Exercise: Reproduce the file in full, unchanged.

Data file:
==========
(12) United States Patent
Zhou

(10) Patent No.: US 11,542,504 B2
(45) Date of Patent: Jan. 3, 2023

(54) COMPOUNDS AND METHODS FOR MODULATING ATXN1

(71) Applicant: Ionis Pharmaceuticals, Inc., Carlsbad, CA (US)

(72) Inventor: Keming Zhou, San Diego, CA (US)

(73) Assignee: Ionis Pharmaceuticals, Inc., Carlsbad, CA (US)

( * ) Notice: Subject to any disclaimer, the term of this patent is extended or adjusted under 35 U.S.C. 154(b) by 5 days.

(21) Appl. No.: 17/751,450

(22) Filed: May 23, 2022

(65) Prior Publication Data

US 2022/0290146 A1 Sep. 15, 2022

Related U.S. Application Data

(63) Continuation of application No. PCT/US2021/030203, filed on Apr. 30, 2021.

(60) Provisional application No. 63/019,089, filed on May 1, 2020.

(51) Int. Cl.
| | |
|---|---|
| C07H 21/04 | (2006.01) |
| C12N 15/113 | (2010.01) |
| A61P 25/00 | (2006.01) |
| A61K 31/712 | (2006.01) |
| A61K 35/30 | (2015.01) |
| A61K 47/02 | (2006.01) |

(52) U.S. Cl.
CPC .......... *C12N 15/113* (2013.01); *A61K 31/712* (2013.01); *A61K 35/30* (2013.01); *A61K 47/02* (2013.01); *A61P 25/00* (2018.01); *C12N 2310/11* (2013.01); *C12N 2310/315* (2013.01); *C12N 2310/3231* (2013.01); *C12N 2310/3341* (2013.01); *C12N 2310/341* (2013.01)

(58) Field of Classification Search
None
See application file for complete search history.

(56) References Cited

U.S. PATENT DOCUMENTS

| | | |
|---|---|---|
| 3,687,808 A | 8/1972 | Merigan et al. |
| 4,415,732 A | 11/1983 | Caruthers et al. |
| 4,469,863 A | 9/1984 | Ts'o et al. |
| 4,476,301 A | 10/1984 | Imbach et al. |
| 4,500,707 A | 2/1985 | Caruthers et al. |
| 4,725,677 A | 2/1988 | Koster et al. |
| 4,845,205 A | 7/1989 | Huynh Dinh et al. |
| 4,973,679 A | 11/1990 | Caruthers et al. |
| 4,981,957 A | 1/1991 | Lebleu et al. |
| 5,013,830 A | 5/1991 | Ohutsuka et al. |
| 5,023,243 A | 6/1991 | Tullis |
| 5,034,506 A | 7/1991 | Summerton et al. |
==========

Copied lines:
(12) United States Patent
Zhou

(10) Patent No.: US 11,542,504 B2
(45) Date of Patent: Jan. 3, 2023

(54) COMPOUNDS AND METHODS FOR MODULATING ATXN1

(71) Applicant: Ionis Pharmaceuticals, Inc., Carlsbad, CA (US)

(72) Inventor: Keming Zhou, San Diego, CA (US)

(73) Assignee: Ionis Pharmaceuticals, Inc., Carlsbad, CA (US)

( * ) Notice: Subject to any disclaimer, the term of this patent is extended or adjusted under 35 U.S.C. 154(b) by 5 days.

(21) Appl. No.: 17/751,450

(22) Filed: May 23, 2022

(65) Prior Publication Data

US 2022/0290146 A1 Sep. 15, 2022

Related U.S. Application Data

(63) Continuation of application No. PCT/US2021/030203, filed on Apr. 30, 2021.

(60) Provisional application No. 63/019,089, filed on May 1, 2020.

(51) Int. Cl.
| | |
|---|---|
| C07H 21/04 | (2006.01) |
| C12N 15/113 | (2010.01) |
| A61P 25/00 | (2006.01) |
| A61K 31/712 | (2006.01) |
| A61K 35/30 | (2015.01) |
| A61K 47/02 | (2006.01) |

(52) U.S. Cl.
CPC .......... *C12N 15/113* (2013.01); *A61K 31/712* (2013.01); *A61K 35/30* (2013.01); *A61K 47/02* (2013.01); *A61P 25/00* (2018.01); *C12N 2310/11* (2013.01); *C12N 2310/315* (2013.01); *C12N 2310/3231* (2013.01); *C12N 2310/3341* (2013.01); *C12N 2310/341* (2013.01)

(58) Field of Classification Search
None
See application file for complete search history.

(56) References Cited

U.S. PATENT DOCUMENTS

| | | |
|---|---|---|
| 3,687,808 A | 8/1972 | Merigan et al. |
| 4,415,732 A | 11/1983 | Caruthers et al. |
| 4,469,863 A | 9/1984 | Ts'o et al. |
| 4,476,301 A | 10/1984 | Imbach et al. |
| 4,500,707 A | 2/1985 | Caruthers et al. |
| 4,725,677 A | 2/1988 | Koster et al. |
| 4,845,205 A | 7/1989 | Huynh Dinh et al. |
| 4,973,679 A | 11/1990 | Caruthers et al. |
| 4,981,957 A | 1/1991 | Lebleu et al. |
| 5,013,830 A | 5/1991 | Ohutsuka et al. |
| 5,023,243 A | 6/1991 | Tullis |
| 5,034,506 A | 7/1991 | Summerton et al. |